Now, if you had known this man, wouldn’t you ask him, “Hey, what happened to you? How did you get cured?” Instead, the people he met said, “It is the Sabbath; it is not lawful for you to carry your bed.” Look, this man hadn’t walked in 38 years! But the people around him were only concerned that he had carried his bed on the day of rest. This is how religious people are: they cannot see the blessings, only the problems.
The last phrase “had done these things on the Sabbath” in the original Greek is in the imperfect tense. The imperfect tense generally represents continual or repeated action. This means that it was a habit for Jesus to heal on the Sabbath and He had repeatedly performed such miracles on the Sabbath — on the day that man rests, God is able to work!
Another example is the healing of a woman who was bowed down for eighteen years. When Jesus healed her in the synagogue, the ruler of the synagogue, the woman’s pastor, said, “There are six days on which men ought to work; therefore come and be healed on them, and not on the Sabbath day” (Luke 13:14).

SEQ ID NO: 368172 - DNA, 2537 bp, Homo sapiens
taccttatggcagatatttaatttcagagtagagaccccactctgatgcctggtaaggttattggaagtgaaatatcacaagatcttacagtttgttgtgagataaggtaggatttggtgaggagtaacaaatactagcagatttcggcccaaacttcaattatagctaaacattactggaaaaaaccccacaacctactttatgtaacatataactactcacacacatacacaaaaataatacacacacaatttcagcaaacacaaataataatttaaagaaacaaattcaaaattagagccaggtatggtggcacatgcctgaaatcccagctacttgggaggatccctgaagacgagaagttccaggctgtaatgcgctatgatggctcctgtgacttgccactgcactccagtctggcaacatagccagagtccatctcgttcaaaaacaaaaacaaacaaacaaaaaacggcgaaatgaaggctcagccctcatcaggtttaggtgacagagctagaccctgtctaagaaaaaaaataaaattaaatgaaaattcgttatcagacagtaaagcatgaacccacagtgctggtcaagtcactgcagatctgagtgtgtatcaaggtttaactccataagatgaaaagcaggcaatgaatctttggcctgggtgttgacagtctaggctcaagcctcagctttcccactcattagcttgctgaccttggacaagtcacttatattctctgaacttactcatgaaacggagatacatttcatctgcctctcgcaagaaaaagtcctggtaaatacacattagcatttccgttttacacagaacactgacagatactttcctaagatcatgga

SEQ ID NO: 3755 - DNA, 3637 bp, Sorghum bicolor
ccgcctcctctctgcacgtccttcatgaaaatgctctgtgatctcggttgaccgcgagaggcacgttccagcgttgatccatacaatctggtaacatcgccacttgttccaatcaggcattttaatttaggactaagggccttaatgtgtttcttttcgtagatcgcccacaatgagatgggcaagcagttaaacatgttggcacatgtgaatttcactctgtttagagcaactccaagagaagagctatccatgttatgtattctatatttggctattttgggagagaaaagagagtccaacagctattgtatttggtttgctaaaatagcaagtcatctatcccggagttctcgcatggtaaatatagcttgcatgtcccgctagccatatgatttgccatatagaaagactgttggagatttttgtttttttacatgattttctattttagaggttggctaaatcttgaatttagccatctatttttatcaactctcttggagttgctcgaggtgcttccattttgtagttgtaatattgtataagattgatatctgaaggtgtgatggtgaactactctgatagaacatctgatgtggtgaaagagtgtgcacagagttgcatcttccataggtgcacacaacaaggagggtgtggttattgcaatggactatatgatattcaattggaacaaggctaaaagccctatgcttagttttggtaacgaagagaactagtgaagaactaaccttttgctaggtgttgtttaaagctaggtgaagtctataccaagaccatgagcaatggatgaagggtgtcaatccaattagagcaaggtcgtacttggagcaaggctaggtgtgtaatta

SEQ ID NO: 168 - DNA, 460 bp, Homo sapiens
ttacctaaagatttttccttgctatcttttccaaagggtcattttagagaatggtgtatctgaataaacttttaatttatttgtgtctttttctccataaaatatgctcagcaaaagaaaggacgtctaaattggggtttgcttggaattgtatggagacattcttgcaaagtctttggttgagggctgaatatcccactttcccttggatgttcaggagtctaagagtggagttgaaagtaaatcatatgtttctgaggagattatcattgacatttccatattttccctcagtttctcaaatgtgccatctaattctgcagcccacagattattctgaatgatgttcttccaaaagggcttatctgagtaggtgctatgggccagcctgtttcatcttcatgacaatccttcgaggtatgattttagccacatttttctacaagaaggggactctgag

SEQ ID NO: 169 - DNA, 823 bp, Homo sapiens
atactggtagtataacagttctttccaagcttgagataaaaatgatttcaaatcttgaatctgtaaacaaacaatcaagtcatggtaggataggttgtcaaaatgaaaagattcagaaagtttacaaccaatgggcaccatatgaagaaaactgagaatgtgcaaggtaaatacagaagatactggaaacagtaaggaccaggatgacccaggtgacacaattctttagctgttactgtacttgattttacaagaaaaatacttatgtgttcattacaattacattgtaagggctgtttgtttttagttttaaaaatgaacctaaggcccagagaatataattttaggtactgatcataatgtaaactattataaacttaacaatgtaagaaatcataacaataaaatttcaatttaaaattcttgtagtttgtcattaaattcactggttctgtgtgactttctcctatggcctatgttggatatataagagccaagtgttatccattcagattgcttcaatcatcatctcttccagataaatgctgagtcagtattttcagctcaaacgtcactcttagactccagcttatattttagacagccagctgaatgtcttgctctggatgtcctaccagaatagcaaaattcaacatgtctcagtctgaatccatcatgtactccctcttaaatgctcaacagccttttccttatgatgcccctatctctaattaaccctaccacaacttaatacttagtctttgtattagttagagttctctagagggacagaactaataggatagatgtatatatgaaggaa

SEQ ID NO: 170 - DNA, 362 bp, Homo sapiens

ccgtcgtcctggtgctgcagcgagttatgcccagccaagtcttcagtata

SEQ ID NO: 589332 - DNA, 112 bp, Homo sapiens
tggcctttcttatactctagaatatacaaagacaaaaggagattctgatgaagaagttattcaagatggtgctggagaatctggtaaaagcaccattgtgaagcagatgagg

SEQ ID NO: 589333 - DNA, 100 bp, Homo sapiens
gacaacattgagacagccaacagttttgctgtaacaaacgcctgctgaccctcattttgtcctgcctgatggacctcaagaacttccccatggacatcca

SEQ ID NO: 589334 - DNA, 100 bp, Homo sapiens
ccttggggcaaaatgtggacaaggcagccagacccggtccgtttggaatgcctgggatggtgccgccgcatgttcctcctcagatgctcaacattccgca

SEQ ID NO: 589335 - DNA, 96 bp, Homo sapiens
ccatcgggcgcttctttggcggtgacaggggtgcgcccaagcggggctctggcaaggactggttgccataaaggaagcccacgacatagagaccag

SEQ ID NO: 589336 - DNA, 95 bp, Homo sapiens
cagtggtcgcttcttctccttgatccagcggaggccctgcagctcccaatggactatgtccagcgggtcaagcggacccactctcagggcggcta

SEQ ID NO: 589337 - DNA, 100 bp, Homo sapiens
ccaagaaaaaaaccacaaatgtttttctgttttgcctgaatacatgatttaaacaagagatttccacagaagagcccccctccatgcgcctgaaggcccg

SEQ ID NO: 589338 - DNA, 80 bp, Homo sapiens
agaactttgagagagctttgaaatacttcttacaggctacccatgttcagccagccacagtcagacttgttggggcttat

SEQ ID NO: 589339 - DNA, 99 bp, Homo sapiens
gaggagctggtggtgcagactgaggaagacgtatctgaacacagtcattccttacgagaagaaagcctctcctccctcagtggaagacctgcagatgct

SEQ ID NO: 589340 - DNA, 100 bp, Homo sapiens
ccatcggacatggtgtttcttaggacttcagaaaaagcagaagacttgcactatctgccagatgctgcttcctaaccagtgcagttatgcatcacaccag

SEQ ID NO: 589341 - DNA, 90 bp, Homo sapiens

What was Jesus’ response?
15The Lord then answered him and said, “Hypocrite! Does not each one of you on the Sabbath loose his ox or donkey from the stall, and lead it away to water it? 16So ought not this woman, being a daughter of Abraham, whom Satan has bound — think of it — for 18 years, be loosed from this bond on the Sabbath?”
Jesus said that her healing came just by being a daughter, a child of God. But some Christians still think that healing is man’s work, not God’s work. They go around thinking, “I’m not doing enough, that’s why I’m not healed.” They cannot believe that healing can be as simple as being at rest in God’s finished work, saying and believing, “Lord Jesus, as You are free from every disease and sickness, so am I in this world.”
Did you know that even the words “healed” and “relaxed” are linked in Hebrew? One of the Hebrew names of God is Jehovah-Rapha which means “I, the Lord, am your healing” (Exodus 15:26). The Hebrew word rapha not only means “to heal,” but one of its root definitions also means “the relaxed.” So healing comes by being at rest, not by working. Jesus’ death has given us life and wholeness.
God does not say, “Wait until all your enemies have been destroyed, until every problem in your life has been resolved, then you can rest.” He says, “Rest first until I make all your enemies your footstool.”